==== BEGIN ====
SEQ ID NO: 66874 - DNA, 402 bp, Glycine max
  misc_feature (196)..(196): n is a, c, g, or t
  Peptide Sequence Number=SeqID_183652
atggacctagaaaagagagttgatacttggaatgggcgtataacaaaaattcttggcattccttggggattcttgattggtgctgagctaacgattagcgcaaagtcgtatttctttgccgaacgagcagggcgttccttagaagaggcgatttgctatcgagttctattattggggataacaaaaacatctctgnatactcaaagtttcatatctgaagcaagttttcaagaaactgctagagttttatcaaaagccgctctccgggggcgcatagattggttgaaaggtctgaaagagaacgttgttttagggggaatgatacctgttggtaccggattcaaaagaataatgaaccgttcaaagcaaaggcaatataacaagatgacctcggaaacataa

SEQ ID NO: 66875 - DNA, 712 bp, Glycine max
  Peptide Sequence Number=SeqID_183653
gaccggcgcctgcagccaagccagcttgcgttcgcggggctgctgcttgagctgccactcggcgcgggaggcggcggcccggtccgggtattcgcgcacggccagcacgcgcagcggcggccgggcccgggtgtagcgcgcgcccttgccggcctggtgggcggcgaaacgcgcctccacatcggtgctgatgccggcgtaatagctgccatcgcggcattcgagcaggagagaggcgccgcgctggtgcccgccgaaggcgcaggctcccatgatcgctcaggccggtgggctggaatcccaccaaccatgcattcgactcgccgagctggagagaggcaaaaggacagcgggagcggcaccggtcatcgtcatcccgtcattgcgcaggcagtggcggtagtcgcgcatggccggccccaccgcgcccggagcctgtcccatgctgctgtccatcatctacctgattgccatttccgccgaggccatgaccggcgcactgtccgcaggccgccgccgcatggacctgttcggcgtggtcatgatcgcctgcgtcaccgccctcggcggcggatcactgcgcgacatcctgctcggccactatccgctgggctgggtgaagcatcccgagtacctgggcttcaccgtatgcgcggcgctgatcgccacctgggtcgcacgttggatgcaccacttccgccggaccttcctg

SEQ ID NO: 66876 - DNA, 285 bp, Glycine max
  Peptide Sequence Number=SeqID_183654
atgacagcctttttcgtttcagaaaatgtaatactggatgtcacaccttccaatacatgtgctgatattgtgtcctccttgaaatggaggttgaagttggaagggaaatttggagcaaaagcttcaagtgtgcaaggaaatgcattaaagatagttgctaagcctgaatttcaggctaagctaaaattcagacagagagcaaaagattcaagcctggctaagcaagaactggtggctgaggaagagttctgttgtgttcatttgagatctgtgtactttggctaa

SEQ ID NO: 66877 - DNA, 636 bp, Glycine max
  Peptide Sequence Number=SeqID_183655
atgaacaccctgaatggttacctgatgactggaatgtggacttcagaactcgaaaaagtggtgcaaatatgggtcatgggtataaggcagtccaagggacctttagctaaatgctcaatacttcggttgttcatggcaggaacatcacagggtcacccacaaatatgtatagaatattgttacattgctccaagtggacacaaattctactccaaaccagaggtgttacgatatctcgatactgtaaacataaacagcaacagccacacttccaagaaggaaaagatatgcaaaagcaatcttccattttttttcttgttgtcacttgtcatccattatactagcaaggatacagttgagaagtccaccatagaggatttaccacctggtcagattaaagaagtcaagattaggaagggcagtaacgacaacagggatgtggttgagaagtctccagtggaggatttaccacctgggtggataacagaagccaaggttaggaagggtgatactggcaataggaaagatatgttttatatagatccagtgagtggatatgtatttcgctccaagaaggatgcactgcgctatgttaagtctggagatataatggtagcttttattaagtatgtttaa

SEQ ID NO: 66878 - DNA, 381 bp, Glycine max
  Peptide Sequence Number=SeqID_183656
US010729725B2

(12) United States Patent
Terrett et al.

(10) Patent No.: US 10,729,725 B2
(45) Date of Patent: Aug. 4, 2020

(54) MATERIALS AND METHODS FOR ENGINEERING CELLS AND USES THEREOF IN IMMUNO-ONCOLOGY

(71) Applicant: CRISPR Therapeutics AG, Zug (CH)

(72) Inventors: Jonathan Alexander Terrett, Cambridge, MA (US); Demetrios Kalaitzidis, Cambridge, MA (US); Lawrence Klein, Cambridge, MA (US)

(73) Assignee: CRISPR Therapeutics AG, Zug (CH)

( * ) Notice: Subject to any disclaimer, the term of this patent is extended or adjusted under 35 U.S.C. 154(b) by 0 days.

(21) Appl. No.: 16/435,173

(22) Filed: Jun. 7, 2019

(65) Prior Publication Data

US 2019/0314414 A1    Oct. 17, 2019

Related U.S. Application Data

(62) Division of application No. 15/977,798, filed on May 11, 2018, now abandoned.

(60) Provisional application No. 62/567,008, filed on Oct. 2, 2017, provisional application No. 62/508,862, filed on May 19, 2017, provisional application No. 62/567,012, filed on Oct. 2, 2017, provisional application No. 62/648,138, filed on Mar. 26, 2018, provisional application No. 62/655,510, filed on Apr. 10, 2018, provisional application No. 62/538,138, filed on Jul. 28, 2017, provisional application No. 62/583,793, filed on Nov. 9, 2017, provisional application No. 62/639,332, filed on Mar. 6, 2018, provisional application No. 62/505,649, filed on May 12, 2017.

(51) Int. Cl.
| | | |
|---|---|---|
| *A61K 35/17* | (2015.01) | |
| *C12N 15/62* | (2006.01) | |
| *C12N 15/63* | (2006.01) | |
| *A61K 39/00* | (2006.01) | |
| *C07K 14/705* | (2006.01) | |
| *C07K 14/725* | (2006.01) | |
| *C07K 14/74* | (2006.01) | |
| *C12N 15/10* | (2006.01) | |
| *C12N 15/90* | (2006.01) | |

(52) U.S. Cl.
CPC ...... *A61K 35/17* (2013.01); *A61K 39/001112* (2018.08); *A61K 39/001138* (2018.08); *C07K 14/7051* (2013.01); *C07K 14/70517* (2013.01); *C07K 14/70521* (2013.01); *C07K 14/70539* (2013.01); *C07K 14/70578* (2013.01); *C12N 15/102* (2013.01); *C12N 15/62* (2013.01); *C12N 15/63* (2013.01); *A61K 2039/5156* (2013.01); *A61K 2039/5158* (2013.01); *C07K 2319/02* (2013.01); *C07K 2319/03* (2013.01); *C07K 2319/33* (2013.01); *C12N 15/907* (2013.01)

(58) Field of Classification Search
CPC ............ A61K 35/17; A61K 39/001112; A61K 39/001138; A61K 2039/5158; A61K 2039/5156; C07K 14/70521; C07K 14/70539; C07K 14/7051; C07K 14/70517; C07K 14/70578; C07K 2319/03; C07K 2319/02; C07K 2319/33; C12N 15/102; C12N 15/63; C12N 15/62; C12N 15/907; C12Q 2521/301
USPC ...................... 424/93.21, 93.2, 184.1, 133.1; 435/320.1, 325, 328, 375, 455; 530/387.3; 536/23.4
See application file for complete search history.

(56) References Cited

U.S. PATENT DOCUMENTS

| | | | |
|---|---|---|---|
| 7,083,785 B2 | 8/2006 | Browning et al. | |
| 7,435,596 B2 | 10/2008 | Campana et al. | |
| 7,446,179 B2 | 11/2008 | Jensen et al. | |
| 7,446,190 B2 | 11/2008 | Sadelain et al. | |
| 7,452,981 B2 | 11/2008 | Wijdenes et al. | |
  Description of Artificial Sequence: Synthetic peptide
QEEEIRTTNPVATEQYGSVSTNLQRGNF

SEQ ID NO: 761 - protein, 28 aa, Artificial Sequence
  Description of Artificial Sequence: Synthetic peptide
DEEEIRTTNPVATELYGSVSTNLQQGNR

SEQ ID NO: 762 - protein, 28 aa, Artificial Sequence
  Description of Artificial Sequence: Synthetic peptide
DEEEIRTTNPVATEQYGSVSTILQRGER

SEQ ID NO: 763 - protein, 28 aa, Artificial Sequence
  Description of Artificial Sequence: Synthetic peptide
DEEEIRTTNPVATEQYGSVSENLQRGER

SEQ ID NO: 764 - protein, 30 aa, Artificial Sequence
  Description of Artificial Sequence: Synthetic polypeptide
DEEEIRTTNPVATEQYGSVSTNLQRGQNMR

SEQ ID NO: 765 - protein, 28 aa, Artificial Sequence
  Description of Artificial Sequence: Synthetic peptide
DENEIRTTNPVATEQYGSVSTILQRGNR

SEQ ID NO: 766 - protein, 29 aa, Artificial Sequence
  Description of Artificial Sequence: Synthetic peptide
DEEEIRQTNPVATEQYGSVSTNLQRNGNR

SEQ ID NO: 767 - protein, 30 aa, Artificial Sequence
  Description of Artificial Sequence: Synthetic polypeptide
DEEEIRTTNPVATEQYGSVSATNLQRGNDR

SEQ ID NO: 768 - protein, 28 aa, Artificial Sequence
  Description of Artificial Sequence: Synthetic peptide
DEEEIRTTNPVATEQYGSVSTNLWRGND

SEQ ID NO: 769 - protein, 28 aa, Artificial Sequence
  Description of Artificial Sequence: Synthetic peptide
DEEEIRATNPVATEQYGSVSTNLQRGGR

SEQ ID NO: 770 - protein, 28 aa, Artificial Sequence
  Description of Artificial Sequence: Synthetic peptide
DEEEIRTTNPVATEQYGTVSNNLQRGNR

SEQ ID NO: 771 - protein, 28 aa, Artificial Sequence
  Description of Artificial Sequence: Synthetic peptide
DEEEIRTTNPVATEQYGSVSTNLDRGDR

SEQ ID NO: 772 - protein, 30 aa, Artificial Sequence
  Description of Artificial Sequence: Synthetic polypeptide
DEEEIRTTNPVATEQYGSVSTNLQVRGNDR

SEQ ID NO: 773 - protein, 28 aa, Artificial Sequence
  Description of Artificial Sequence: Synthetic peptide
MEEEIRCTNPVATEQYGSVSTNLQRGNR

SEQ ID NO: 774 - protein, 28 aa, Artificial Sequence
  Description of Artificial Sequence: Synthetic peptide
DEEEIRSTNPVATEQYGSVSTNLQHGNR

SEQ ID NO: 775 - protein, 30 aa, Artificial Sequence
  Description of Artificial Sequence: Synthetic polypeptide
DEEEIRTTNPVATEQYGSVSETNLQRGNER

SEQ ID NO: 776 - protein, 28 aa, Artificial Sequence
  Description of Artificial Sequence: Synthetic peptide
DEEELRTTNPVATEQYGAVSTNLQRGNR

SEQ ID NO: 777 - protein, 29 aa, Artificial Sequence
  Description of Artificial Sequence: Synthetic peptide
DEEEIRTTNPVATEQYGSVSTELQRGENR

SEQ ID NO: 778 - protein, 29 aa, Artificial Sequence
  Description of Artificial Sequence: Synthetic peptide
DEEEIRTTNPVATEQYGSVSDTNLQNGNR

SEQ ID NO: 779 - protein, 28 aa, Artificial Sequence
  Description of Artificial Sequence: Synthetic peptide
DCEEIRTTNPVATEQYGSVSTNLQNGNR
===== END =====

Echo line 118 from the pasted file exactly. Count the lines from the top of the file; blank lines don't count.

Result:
DCEEIRTTNPVATEQYGSVSTNLQNGNR